How JustAnswer Works:
  • Ask an Expert
    Experts are full of valuable knowledge and are ready to help with any question. Credentials confirmed by a Fortune 500 verification firm.
  • Get a Professional Answer
    Via email, text message, or notification as you wait on our site.
    Ask follow up questions if you need to.
  • 100% Satisfaction Guarantee
    Rate the answer you receive.
Ask Joshua Your Own Question
Joshua
Joshua, Lawyer
Category: Property Law
Satisfied Customers: 25424
Experience:  LL.B (Hons), Higher Prof. Dip. Law & Practice
35043042
Type Your Property Law Question Here...
Joshua is online now

I have a well established Twisted Willow tree on a boundary

Customer Question

I have a well established Twisted Willow tree on a boundary line of my property, my neighbour has asked me to remove it as it drops leaves into his gutter and occasionally branches when it is really windy, one of which has apparently made a dent in the roof of his car. He has also said that the roots are causing a problem with the foundations of his garage which is very close to the tree.
I said that I would look into it, in the mean time he has chopped all the branches that overhang his side of the fence - which I don't have a problem with. Since then he has also had an extension built and I has informed me that a condition of the extension being signed off by the local council is that the tree is removed, I have spoken to them and they have confirmed this is correct.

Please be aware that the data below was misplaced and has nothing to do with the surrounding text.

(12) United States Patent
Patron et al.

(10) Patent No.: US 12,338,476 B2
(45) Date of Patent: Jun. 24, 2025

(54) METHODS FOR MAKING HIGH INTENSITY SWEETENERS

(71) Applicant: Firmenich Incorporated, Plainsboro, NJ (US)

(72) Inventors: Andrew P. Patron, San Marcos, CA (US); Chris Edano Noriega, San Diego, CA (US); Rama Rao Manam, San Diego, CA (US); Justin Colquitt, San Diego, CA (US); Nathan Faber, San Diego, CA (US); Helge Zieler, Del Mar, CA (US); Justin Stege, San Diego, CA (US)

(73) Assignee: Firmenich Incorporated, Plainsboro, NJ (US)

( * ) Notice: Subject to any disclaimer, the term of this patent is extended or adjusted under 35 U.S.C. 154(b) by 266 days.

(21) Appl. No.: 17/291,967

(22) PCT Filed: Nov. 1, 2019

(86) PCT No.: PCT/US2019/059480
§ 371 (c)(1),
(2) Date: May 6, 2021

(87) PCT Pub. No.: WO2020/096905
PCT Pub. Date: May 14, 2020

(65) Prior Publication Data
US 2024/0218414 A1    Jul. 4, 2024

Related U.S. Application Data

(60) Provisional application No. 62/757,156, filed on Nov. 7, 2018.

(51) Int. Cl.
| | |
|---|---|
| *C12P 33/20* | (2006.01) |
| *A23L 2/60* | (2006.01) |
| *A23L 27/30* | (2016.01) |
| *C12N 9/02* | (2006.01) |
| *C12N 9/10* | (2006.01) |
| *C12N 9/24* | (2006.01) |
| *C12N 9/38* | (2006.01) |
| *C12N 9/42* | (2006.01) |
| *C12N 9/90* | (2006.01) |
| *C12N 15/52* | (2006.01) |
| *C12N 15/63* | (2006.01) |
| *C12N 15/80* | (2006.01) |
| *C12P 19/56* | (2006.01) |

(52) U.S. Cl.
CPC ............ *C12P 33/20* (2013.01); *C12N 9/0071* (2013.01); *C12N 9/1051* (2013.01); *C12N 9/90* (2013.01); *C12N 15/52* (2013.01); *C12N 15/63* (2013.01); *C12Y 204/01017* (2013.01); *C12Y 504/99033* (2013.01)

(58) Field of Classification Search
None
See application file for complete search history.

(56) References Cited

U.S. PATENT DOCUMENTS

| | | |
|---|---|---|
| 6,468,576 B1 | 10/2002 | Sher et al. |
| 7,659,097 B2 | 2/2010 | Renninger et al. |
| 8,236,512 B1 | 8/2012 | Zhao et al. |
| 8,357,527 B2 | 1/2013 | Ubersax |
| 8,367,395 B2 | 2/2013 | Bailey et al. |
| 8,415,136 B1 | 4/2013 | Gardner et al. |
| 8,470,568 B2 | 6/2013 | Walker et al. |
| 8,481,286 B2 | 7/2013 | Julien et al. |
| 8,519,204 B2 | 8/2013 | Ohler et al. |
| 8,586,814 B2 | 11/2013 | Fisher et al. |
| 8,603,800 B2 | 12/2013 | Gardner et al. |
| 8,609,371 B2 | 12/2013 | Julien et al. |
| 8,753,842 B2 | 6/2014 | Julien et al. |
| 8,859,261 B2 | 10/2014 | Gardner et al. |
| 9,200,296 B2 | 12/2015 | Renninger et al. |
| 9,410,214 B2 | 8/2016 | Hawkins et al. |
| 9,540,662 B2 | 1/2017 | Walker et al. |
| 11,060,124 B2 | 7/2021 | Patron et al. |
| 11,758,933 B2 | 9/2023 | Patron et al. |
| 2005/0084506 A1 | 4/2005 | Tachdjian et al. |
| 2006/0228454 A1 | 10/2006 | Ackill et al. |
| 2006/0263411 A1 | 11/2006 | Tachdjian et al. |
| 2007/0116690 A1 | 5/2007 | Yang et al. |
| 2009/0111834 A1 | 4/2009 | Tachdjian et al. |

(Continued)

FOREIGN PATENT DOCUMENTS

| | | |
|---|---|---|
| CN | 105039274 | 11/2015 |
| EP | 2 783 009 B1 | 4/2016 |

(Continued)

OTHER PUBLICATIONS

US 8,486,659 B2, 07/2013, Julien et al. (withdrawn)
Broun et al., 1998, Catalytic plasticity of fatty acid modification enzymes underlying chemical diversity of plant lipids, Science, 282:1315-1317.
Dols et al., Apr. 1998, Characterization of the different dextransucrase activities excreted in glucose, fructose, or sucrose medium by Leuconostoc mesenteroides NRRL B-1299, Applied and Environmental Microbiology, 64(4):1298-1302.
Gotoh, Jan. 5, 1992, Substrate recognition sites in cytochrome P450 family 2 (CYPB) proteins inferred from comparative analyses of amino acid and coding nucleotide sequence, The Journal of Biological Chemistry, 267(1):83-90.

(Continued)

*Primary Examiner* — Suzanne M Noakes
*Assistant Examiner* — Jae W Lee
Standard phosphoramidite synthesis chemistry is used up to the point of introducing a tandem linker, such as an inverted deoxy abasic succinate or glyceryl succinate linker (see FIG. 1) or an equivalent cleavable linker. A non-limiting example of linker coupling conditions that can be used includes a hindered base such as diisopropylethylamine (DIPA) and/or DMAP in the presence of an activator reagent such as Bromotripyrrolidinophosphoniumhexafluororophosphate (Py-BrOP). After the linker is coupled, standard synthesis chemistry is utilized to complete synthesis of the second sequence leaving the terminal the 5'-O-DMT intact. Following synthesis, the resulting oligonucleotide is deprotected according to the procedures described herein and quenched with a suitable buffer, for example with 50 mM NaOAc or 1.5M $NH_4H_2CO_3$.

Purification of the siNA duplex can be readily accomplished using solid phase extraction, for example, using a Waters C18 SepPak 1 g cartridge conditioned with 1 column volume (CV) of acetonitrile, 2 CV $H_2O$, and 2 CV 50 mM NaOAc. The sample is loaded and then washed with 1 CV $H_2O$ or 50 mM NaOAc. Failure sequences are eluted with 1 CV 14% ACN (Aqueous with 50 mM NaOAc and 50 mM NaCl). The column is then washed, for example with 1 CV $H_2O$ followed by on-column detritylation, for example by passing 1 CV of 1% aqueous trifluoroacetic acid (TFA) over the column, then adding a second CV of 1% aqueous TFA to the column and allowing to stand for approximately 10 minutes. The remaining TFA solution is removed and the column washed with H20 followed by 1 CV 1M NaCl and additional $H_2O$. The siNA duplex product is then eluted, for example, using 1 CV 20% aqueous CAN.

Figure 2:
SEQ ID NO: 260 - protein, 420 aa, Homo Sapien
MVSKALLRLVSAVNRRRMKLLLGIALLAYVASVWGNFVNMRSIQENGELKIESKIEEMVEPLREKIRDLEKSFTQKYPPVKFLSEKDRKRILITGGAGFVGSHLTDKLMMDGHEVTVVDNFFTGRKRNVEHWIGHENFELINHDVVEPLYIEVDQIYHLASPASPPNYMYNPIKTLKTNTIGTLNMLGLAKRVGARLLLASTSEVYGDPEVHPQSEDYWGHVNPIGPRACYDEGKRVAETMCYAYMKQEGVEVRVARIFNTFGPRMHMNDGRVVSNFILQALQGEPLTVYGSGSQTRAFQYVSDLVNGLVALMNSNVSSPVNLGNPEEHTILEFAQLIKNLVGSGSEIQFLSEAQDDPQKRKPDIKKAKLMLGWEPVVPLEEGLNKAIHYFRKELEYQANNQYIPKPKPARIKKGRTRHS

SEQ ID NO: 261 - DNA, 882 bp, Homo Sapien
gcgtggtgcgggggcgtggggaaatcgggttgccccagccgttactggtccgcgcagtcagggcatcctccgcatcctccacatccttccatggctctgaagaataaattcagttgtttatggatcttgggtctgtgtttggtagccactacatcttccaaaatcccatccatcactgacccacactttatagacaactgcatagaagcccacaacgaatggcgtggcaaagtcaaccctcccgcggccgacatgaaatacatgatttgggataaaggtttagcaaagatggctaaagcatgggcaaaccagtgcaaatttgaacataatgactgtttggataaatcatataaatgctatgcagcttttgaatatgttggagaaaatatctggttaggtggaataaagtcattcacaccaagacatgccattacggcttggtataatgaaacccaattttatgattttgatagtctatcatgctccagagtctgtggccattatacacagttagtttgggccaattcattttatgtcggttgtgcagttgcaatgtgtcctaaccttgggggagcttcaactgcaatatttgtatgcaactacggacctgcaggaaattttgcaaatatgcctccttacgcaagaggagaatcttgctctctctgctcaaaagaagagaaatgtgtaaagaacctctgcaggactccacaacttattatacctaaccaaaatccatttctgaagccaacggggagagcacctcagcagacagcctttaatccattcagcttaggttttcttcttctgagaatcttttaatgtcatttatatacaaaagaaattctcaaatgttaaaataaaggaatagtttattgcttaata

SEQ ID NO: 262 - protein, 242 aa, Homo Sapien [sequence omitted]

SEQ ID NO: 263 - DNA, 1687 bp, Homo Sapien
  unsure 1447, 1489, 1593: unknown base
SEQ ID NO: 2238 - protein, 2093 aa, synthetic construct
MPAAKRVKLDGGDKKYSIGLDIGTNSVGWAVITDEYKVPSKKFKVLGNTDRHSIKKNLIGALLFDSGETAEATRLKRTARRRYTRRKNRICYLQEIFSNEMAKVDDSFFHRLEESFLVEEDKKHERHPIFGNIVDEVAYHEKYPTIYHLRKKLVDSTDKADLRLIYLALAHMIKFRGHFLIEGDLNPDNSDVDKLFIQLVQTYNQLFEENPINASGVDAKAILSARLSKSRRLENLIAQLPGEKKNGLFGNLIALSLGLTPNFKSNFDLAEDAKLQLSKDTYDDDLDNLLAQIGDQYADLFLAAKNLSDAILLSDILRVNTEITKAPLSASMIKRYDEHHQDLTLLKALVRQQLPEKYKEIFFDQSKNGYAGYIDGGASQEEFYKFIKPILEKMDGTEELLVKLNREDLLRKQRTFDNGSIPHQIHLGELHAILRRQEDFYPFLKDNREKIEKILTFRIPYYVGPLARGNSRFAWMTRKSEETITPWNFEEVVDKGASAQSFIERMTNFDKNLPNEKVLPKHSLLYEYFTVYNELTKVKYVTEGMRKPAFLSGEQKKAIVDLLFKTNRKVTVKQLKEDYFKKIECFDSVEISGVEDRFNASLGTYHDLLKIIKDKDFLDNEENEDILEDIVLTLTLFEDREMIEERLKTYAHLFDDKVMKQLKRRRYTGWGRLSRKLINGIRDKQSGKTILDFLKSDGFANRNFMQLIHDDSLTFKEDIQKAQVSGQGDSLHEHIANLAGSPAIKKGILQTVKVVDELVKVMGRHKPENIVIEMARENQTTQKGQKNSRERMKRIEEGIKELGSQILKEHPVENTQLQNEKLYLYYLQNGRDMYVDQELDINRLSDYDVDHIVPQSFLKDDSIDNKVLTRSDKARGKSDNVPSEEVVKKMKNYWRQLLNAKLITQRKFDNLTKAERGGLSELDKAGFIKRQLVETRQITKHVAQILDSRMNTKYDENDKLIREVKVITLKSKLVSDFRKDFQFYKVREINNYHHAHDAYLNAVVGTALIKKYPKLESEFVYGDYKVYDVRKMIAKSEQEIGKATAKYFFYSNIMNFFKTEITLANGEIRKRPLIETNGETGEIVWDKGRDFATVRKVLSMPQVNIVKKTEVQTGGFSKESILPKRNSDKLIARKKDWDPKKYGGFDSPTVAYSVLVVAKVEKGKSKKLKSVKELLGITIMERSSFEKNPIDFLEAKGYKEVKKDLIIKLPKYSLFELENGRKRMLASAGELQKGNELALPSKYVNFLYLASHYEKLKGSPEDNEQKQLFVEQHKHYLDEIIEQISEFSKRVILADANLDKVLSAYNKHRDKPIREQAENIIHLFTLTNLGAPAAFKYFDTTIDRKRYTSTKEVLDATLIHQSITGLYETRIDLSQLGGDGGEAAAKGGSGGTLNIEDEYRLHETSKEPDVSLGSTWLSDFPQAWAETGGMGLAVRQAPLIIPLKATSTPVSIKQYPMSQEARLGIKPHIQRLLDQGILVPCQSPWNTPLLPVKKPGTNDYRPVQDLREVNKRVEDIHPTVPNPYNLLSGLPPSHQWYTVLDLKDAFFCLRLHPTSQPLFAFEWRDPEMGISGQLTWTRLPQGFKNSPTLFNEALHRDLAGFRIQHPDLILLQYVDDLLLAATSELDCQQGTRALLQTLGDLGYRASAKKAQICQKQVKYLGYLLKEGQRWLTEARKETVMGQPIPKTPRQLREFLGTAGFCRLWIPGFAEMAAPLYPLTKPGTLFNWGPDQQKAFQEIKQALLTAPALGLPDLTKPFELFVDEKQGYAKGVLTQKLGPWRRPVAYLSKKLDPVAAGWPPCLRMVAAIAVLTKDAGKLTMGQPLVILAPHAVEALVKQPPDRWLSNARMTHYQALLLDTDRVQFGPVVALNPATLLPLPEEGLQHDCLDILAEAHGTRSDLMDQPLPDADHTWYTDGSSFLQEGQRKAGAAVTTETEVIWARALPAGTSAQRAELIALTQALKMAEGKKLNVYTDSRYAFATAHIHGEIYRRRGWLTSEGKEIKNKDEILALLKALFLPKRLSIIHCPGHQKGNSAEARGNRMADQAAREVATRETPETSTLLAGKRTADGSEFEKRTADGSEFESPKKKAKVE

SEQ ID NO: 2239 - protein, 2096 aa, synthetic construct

As this is the case I reluctantly agreed with the neighbour that if the Willow was to come down then he would cover the costs to remove and replace with 3m high alternative to put back in place the shielded view, so the rest of the street can not see into my bedroom.
However yesterday he informed me that he was now not going to cover the costs, he has spoken to a solicitor and was going to have the extension underpinned at a cost of approx £5k and then charge me the costs back to me plus legal fees. This is apparently due to the fact I had agreed to have tree removed when we first spoke about it when I first moved into the property nearly 18months ago. I would like to know if he is legally able to claim these costs from me?
Many thanks,
Adam
Submitted: 2 years ago.
Category: Property Law
Expert:  Joshua replied 2 years ago.
Hello and thank you for your question. I will be very pleased to assist you. I'm a practising lawyer in England with over 10 years experience. Could you kindly expand upon the below statement please? What exactly did you or did you not agree to then and if you did agree did you impose any conditions or put anything in writing?"This is apparently due to the fact I had agreed to have tree removed when we first spoke about it when I first moved into the property nearly 18months ago."
Customer: replied 2 years ago.

Hi,

From what I remember I believe that I simply said that I would look into it, at that time no conditions were set and nothing was written down.

When he agreed to paying for the tree removal and replacements I asked him to write down his intention then but he refused saying that would make it legal and he didn't want that so it was a real surprise when he started threatening legal action.

Expert:  Joshua replied 2 years ago.